viking79 wrote:The i3 certainly has features that add to the price, my point is only that they would get more buyers at a lower price point.
Lower price increases demand is a general fact of capitalism, but if the price doesn't cover the development, manufacturing, and sales costs, the manufacturer would eventually fail.
viking79 wrote:I think it is hard to find buyers willing to pay more for a compact hatch, even if it is carbon fiber and is made in a more sustainable way.
I doubt that BMW planned the i3 to be a high-volume seller if for no other reason that making a CFRP passenger compartment takes far more time than making a metal passenger compartment due to the CFRP curing time.
viking79 wrote:Maybe if they had made a compact sports coup or maybe a more mini SUV like the Mini Countryman they could have sold more.
A Mini and x3 EV will be sold soon and will undoubtedly sell in higher numbers due to their lower manufacturing costs. But these vehicles will be considerably heavier and less efficient unless BMW has made significant advances in drive train efficiencies.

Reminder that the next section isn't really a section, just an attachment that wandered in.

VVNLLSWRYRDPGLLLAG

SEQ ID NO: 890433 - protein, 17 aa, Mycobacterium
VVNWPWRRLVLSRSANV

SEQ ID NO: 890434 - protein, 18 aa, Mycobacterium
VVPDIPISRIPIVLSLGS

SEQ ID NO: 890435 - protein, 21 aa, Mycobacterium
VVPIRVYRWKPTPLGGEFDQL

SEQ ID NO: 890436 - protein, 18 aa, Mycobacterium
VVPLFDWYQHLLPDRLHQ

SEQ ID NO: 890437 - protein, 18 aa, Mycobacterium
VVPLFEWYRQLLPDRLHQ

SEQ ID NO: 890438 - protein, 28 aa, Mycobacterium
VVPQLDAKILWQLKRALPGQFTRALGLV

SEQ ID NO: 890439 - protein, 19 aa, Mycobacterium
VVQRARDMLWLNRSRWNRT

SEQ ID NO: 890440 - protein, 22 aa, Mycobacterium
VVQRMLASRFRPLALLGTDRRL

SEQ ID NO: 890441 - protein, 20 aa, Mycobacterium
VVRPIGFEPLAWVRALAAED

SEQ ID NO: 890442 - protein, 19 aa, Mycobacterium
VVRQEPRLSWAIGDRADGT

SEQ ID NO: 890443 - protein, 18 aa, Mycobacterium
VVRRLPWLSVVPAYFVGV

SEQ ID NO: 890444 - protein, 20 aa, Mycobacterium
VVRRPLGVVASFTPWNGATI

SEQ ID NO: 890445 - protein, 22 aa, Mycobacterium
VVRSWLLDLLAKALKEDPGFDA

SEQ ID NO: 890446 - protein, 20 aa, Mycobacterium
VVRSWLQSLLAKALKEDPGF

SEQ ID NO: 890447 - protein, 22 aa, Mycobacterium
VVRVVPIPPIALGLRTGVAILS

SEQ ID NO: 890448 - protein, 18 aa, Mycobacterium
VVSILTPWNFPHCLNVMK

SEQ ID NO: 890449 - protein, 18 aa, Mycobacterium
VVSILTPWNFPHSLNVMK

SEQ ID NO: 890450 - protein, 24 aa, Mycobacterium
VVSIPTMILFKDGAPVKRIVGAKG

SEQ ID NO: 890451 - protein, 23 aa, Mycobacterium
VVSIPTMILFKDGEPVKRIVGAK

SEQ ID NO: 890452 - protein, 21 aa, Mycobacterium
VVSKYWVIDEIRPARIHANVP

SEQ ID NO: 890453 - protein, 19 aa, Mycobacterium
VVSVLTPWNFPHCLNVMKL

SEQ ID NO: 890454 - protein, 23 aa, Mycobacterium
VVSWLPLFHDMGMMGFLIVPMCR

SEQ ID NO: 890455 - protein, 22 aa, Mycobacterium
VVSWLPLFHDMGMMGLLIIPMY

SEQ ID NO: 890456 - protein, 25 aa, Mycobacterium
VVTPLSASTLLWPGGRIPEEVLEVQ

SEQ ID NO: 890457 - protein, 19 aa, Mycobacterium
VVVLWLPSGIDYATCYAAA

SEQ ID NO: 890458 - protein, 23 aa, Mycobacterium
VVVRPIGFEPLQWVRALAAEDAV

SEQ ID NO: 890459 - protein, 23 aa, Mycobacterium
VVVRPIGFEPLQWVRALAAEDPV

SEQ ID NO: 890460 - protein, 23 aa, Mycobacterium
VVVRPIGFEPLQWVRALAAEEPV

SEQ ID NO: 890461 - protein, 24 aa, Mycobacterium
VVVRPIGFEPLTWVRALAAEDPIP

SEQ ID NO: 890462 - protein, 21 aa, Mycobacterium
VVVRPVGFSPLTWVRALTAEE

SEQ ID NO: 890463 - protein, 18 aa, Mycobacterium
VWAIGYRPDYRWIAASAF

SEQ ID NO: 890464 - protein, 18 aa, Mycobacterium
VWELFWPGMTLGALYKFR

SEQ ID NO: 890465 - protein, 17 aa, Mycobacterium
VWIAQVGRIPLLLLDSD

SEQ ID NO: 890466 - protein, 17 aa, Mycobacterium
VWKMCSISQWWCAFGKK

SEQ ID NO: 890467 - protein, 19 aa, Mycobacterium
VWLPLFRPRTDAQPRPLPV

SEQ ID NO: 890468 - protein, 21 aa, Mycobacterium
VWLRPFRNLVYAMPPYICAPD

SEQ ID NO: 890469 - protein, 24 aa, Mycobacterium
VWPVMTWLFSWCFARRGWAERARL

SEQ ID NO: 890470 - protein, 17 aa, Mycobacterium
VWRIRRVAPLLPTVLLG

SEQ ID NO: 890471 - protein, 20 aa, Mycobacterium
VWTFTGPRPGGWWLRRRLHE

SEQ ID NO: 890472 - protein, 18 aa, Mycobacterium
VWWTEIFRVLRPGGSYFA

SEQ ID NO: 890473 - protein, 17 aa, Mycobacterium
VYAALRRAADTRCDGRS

viking79 wrote:I think it was cool they made the attempt, and doubly cool that it was sold in all states.
Not only in all states but in many countries. International i3 sales have been relatively good.
Munro and Associates disassembled an i3 and estimated BMW's manufacturing costs and break even sales numbers which have been exceeded already. What BMW learned about strong, lightweight CFRP construction techniques is being applied across all of its vehicle models.